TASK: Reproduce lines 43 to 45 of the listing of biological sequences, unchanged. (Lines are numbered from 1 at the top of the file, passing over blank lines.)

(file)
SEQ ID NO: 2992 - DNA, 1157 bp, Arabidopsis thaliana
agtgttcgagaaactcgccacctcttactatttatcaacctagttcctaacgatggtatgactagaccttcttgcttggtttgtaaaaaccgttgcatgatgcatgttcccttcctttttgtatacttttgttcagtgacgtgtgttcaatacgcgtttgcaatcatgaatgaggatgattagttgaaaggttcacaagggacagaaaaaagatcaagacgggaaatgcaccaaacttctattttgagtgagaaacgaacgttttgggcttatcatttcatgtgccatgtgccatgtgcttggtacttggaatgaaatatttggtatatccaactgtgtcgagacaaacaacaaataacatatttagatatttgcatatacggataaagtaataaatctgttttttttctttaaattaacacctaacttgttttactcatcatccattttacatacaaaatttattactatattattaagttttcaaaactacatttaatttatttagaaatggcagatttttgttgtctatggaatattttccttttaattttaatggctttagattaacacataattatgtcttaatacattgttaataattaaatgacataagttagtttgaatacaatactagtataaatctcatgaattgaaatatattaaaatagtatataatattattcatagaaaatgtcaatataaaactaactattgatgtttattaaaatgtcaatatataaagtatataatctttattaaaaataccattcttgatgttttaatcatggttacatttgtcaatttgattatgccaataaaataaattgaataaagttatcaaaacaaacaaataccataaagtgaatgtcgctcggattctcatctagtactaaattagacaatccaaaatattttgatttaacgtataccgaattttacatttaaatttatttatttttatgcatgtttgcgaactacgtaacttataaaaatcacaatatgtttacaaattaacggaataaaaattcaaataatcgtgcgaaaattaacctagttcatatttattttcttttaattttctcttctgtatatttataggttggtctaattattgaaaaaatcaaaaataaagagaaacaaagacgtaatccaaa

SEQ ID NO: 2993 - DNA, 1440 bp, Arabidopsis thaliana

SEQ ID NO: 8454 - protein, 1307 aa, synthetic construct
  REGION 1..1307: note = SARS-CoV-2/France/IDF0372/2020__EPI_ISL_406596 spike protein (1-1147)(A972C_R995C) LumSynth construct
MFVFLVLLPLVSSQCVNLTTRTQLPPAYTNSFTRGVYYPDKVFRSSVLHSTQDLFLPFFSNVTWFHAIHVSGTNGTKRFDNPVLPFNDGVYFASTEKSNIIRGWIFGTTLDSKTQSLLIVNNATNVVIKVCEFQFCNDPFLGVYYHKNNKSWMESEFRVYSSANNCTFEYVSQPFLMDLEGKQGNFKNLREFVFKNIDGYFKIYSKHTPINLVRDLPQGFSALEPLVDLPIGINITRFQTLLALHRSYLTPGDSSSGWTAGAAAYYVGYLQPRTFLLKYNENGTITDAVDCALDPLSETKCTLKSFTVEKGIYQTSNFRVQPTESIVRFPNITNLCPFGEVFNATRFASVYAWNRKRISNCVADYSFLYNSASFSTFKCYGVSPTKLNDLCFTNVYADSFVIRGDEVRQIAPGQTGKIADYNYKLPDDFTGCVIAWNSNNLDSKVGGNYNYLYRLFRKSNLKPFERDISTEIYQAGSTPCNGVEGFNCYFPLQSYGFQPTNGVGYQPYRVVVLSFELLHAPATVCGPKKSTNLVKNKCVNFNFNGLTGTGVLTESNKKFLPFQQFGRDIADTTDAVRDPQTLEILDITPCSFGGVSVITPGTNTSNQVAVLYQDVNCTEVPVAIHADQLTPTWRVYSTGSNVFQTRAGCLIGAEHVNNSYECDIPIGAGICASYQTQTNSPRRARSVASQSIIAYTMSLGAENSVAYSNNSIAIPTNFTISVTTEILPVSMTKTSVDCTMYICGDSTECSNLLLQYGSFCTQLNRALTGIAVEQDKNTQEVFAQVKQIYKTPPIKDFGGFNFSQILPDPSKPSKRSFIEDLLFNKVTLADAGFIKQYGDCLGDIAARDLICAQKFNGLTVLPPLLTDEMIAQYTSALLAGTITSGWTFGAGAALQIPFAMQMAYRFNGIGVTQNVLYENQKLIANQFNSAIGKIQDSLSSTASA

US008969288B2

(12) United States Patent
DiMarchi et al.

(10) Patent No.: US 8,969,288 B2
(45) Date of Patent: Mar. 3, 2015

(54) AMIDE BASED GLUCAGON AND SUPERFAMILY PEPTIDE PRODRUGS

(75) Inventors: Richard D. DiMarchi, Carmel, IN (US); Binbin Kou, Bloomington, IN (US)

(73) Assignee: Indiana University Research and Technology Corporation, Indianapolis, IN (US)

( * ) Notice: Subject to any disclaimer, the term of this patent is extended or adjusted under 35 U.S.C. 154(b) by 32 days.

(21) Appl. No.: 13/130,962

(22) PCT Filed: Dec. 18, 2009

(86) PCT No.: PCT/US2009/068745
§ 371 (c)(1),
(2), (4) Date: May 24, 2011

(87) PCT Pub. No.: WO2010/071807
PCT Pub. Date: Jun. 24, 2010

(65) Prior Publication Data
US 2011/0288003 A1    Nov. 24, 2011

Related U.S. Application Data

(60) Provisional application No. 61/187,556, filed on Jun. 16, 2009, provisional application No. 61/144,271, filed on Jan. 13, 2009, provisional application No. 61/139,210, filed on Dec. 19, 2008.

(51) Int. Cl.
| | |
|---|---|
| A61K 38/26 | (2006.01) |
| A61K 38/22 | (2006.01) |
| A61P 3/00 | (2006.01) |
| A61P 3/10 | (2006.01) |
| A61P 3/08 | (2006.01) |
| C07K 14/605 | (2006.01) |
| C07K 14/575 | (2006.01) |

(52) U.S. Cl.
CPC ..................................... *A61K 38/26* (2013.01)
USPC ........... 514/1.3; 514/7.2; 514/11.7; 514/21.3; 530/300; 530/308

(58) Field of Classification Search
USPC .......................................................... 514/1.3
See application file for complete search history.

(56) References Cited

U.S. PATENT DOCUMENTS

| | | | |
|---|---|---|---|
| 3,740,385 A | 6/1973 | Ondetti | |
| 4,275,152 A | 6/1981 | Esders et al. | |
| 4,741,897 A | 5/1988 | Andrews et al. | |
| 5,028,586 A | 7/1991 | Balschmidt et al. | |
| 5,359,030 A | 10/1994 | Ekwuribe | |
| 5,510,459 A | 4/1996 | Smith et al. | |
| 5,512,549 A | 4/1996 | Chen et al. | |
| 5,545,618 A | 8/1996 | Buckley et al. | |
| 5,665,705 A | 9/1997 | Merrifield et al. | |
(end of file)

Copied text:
(56) References Cited

U.S. PATENT DOCUMENTS

| | | | |